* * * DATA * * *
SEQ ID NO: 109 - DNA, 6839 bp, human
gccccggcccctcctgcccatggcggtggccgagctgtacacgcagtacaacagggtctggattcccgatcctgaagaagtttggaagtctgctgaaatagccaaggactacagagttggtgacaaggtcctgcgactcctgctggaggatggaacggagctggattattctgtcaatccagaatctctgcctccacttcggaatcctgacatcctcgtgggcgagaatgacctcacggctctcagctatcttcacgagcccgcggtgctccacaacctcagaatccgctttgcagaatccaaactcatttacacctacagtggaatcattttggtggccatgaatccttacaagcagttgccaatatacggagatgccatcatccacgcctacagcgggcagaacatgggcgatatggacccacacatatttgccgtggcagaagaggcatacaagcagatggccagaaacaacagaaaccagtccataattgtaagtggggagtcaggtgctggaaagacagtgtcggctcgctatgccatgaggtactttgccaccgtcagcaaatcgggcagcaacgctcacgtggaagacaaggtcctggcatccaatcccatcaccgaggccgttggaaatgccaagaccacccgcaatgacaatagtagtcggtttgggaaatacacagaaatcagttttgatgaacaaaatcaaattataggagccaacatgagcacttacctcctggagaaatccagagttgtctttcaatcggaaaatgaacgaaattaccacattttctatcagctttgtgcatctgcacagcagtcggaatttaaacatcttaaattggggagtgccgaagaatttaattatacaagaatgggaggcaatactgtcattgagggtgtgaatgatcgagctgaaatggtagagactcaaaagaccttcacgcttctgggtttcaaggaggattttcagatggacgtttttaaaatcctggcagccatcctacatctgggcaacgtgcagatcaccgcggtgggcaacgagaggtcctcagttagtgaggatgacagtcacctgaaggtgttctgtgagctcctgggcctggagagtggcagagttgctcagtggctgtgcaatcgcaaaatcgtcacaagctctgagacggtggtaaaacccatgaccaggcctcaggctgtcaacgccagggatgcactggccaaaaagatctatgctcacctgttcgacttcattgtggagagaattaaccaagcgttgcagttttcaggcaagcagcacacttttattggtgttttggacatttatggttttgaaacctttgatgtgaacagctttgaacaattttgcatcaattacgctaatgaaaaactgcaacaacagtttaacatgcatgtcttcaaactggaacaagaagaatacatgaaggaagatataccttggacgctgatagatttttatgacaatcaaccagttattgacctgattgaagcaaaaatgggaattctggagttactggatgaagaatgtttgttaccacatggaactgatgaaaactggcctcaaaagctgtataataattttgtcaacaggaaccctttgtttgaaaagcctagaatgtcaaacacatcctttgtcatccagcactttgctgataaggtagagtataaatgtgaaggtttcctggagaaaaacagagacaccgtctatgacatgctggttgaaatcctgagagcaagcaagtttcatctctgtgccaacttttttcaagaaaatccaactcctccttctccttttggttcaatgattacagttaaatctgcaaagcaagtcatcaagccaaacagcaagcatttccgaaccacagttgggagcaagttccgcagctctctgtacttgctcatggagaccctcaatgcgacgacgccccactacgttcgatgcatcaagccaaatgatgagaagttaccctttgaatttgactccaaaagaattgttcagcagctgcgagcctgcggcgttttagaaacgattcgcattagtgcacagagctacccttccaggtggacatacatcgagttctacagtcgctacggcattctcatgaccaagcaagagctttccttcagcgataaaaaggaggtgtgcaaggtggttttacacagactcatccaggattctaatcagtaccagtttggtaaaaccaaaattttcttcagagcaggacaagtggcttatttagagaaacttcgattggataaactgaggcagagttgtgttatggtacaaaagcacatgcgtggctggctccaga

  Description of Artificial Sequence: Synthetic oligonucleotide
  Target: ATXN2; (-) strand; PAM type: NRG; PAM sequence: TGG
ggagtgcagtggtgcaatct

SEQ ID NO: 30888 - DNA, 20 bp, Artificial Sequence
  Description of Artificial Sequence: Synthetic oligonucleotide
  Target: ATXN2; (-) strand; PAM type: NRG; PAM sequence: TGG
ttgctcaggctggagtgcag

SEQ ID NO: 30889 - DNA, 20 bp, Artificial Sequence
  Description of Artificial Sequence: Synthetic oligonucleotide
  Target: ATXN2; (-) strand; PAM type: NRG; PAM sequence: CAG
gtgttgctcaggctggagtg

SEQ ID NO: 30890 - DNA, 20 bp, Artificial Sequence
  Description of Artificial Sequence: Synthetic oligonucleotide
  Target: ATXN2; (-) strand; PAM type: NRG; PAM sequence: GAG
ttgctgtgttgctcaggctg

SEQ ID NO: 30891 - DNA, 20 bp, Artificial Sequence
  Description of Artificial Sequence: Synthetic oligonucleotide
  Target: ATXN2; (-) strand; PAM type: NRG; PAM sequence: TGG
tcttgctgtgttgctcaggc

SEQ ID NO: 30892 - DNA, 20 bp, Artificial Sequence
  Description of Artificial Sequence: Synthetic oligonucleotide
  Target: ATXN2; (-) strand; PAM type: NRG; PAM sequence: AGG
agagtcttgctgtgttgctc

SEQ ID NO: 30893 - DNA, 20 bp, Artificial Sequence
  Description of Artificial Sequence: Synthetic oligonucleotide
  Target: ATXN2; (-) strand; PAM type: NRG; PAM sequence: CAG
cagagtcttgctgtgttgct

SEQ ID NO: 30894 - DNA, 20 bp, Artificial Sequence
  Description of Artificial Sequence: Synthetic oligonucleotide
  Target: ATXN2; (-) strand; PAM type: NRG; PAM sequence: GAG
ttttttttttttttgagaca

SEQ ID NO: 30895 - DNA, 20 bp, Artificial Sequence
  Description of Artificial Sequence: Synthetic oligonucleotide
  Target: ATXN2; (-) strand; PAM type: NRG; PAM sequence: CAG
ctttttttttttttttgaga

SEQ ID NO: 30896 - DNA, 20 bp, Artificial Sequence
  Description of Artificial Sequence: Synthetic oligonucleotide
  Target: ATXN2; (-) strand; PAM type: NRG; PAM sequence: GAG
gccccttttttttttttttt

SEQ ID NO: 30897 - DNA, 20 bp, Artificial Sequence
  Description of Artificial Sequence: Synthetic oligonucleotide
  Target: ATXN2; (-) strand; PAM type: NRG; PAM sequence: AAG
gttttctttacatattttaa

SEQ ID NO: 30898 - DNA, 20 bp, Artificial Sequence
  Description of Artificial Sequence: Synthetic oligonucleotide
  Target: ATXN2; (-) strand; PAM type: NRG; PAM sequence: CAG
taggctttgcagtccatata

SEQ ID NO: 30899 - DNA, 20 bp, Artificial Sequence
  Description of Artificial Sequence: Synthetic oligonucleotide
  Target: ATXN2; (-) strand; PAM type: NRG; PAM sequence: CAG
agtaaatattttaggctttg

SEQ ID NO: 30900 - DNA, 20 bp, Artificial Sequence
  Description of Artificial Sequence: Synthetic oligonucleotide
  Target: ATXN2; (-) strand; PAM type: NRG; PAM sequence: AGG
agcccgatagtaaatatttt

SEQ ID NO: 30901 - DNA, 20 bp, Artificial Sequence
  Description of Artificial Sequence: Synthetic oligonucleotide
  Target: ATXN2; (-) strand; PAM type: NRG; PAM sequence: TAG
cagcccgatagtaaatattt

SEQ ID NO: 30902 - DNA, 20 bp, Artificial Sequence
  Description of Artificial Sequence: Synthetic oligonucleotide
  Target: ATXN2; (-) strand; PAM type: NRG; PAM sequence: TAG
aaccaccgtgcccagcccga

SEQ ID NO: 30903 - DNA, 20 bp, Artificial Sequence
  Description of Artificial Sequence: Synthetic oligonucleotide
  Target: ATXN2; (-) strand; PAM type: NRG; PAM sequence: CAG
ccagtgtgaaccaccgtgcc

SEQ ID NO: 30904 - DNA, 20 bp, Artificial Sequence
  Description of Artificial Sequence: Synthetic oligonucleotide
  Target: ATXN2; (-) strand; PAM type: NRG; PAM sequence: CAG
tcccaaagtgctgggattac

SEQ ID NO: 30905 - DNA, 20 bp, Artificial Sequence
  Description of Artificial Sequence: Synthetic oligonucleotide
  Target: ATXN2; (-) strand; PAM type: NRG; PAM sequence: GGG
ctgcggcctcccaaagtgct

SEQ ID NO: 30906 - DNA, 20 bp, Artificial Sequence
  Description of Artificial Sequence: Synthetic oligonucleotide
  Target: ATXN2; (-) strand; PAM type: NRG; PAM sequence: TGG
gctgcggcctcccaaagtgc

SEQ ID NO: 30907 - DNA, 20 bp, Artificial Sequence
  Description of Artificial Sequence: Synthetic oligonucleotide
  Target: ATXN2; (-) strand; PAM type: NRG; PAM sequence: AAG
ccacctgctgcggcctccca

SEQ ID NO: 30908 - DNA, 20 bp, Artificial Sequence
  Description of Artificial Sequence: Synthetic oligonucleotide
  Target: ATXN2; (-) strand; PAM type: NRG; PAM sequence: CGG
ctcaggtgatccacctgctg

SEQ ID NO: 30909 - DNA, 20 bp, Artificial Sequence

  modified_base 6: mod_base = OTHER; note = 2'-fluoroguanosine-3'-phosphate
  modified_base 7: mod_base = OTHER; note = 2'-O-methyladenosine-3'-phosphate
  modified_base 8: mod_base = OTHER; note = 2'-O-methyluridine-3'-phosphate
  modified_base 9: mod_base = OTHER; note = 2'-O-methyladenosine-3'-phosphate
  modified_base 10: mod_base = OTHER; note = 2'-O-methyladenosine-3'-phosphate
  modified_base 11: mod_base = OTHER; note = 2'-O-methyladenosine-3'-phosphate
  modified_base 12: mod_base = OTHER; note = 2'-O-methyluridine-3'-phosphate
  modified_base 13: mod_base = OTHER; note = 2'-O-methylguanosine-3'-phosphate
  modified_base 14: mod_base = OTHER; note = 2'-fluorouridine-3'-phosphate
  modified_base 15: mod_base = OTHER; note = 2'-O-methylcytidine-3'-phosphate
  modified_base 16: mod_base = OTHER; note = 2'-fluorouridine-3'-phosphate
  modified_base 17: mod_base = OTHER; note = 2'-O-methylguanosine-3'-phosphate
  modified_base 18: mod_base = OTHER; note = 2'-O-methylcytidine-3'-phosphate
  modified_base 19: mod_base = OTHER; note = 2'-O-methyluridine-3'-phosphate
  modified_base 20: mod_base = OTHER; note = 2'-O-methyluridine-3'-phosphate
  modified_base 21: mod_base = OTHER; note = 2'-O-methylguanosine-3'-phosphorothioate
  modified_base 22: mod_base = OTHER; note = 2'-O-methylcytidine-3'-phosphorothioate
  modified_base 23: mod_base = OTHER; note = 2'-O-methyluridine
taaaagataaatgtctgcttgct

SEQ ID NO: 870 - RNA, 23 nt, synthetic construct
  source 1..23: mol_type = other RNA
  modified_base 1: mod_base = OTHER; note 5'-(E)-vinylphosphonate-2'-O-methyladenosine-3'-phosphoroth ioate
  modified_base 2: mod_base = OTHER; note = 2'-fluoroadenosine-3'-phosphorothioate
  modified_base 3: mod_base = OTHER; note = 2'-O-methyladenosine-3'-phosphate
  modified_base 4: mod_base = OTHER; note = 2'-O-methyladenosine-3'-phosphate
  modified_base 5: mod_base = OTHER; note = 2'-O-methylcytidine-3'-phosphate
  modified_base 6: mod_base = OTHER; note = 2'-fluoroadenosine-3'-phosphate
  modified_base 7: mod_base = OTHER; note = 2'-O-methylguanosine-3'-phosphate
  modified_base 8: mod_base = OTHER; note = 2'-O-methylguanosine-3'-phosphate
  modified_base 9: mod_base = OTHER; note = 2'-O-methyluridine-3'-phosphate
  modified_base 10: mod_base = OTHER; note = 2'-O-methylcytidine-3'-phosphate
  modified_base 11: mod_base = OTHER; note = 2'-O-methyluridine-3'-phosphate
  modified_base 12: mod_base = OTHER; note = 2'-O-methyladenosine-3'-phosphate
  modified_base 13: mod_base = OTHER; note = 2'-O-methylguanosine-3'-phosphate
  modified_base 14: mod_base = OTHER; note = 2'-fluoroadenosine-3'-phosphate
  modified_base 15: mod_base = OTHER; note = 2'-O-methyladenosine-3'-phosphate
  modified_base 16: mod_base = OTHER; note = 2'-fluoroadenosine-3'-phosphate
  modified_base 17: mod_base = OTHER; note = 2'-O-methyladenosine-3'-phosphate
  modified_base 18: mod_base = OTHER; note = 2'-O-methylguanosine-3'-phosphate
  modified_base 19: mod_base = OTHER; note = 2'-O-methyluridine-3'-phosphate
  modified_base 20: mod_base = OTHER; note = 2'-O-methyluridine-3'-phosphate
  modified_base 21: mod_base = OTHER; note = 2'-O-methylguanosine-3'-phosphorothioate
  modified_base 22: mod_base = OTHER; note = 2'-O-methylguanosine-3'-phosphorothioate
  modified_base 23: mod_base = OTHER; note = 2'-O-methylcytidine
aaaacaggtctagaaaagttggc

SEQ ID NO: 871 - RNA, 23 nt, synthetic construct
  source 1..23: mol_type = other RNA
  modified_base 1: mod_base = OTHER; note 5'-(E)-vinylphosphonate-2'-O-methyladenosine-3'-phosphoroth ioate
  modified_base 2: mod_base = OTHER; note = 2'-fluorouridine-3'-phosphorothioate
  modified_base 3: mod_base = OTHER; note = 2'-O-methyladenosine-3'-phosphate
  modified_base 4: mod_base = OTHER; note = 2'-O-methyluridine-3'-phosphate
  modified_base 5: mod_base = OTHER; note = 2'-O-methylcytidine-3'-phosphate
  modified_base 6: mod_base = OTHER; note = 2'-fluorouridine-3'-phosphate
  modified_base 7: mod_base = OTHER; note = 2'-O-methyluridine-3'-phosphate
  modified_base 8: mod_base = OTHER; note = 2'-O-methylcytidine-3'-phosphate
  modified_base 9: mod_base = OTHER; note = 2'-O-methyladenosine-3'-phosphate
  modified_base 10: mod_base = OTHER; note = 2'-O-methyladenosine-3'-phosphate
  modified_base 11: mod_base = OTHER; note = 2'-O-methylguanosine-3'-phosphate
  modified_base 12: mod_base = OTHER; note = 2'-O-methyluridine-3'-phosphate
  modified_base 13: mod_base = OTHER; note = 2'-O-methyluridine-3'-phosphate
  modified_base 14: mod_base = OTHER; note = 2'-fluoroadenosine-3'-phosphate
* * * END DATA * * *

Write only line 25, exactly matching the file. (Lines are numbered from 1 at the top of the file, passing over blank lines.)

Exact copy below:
agagtcttgctgtgttgctc